In Response to some of the Adult Reviews...
Okay. It must be said that this book is not for the faint of heart or the shallow thinker. Many adult reviews have said this book was "sick" and made remarks like "What has our country become?". But sheltering kids from this book would be like taking away Mark Twain. Or Ray Bradbury. Or, specifically, Enders Game. This book is one of the only books I will refer to as a modern literary masterpiece. And I have read a lot of books.
Lois Lowry perfectly captured captured an alternate reality that would be the devastation of humans. It is what a lot of us might imagine as the death of what we really are: imagination, power, and creativity. Quite simply, this world is gray. We do not know the specifics of how Jonas' community came to be this way, but it is meant to be safe, and that is all. What is quite interesting is the story behind how Lowry came up with the novel. It all goes back to when she was eleven years old, living in Tokyo where her father was stationed at the conclusion of the second World War. She describes her community in Japan similarly to Jonas' community; it was sheltered and plain. Lowry often rode her bike out of the community to simply get a taste of the wonders of the world. She would go down to a local river and watch the “the vigor and the garish brightness and the noise".
The point of The Giver is to examine what it means to be human, by first seeing what is not human. I had to read this novel as assigned reading for a gifted education class at just nine years old, and yes, I was scarred by many aspects of the novel. I couldn't begin to imagine what it would be like not to know sunshine, or winter. The book made me thankful for the first time of those things, really. I saw what they were on their own, and personified. And I put the book down in sheer horror for two days when I learned what being released was. In my mind, that was the greatest step from being human that was even possible. Jonas' community saw that as what they were supposed to do, and it broke my nine year old brain down. But from that moment, I was fighting for Jonas to see what being human was again, saving his "little brother" Gabe, and escaping what human life cannot be: all the same.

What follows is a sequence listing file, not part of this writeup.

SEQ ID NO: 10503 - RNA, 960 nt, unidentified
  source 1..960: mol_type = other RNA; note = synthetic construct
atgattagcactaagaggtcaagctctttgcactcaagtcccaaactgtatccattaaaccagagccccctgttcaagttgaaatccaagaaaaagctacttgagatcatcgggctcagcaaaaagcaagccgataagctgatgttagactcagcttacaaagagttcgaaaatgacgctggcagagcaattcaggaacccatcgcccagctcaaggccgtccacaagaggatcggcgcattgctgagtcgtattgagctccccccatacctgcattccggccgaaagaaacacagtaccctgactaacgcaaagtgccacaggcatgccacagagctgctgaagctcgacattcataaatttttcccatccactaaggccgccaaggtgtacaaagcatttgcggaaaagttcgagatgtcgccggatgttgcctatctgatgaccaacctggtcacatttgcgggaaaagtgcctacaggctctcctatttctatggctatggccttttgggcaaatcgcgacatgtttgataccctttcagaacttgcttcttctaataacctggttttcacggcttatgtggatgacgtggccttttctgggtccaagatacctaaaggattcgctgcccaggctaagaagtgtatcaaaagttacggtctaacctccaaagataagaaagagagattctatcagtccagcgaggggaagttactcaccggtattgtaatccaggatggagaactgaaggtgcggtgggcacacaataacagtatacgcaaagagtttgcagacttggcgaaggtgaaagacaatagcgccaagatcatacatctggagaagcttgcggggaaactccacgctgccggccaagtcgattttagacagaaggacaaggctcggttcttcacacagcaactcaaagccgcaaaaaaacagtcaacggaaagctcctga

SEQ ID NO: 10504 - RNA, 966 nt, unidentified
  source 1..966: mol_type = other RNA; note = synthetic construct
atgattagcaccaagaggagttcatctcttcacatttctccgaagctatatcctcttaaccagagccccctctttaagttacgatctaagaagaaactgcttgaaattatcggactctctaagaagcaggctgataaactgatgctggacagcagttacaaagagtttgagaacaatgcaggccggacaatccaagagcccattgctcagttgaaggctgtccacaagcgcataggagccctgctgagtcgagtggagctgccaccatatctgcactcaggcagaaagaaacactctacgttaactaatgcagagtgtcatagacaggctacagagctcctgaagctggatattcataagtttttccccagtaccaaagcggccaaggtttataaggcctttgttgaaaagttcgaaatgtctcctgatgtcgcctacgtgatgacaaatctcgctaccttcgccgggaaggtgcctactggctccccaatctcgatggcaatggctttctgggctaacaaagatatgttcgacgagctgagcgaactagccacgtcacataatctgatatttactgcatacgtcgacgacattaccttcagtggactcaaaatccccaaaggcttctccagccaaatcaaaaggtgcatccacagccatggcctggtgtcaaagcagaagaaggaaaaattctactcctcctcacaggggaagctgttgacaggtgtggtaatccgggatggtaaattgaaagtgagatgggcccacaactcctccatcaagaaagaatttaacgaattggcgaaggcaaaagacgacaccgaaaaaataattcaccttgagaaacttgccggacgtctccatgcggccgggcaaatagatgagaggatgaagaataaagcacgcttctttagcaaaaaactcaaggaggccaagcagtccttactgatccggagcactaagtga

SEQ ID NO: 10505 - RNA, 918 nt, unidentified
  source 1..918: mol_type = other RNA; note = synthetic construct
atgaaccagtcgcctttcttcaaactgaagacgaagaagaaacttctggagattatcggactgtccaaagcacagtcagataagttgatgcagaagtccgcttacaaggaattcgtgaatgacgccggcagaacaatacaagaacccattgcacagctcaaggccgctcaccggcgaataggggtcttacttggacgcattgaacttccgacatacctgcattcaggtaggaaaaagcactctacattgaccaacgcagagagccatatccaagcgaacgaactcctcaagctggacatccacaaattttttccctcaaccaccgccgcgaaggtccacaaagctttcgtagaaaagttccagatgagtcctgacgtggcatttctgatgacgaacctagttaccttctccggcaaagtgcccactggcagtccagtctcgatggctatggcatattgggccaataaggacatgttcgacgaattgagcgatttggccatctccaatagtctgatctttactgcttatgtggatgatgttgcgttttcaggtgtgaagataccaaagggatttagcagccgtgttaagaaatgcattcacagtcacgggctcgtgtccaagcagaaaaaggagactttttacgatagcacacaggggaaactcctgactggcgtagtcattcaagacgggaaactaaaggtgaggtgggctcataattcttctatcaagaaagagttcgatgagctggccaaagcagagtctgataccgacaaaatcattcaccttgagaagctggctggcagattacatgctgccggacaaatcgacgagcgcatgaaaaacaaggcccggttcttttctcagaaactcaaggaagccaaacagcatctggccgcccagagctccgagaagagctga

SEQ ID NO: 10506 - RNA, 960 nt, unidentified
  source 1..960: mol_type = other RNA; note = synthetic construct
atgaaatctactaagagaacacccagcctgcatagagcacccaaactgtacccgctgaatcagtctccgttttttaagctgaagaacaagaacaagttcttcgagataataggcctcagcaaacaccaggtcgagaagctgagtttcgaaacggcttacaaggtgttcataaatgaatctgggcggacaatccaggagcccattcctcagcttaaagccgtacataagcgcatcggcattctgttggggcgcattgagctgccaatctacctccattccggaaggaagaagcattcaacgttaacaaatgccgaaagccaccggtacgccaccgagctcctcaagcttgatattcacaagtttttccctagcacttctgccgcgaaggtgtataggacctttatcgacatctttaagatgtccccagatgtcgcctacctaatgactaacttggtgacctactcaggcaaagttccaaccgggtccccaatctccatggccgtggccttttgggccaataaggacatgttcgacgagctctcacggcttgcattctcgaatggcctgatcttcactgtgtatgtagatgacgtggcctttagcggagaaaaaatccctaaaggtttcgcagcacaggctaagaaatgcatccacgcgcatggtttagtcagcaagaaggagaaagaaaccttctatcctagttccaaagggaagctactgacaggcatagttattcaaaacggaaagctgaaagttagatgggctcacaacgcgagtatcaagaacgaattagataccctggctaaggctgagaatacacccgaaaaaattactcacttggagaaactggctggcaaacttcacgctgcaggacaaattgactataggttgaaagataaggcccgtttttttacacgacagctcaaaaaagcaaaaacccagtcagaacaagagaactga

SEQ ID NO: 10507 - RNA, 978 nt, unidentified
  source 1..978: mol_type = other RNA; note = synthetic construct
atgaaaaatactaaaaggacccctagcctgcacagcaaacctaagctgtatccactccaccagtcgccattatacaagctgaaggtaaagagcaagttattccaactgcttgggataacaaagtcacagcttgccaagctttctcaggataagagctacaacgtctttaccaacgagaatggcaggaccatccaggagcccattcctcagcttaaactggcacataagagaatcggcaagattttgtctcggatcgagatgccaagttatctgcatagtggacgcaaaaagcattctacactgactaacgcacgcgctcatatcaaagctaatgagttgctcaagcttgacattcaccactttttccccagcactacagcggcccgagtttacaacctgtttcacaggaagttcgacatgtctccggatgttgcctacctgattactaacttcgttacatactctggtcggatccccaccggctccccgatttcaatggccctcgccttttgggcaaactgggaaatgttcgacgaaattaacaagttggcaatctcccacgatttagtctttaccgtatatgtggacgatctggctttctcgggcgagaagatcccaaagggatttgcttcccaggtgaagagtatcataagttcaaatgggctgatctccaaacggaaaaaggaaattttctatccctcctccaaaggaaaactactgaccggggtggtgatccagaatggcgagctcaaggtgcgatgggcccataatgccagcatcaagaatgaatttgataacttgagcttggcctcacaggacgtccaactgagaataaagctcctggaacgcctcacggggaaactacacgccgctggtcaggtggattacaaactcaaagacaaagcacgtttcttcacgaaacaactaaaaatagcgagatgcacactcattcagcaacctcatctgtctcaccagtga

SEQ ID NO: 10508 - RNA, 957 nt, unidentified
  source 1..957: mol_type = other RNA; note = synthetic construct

I understand where some of the adults are coming from when they do not want their children to read this book. I, myself did not rate the novel as appropriate for all young kids. But if one day I had kids that could handle the minor aspects of the plot that many parents are disgusted by, kids that could see the big picture of the story, this would be the first book I would put in their tiny hands at nine years old. I would tell them to read it, and really internalize it. To further answer the cries of many adult reviewers, this book does not reflect what America has become, not even slightly. This book is the opposite of our diverse nation filled with caring people. This book is simply a genius analysis. It does not say that Lowry is sick in her ideals. I am ashamed that this book is being evaluated for something other than its full story. As Laurie Halse Anderson has said, restricting true literary masterpieces is an action that is "The child of fear, and the father of ignorance."
In conclusion, I know that I have not even dipped a tiny bit into the plot of this book. But I encourage anyone out there to read it and enjoy it for themselves. Please do not take what I am saying as a huge offense, it is just a lesson, in my opinion;, and it is coming from the teen that made the personal, willing choice not to read Twilight.
Happy reading, all.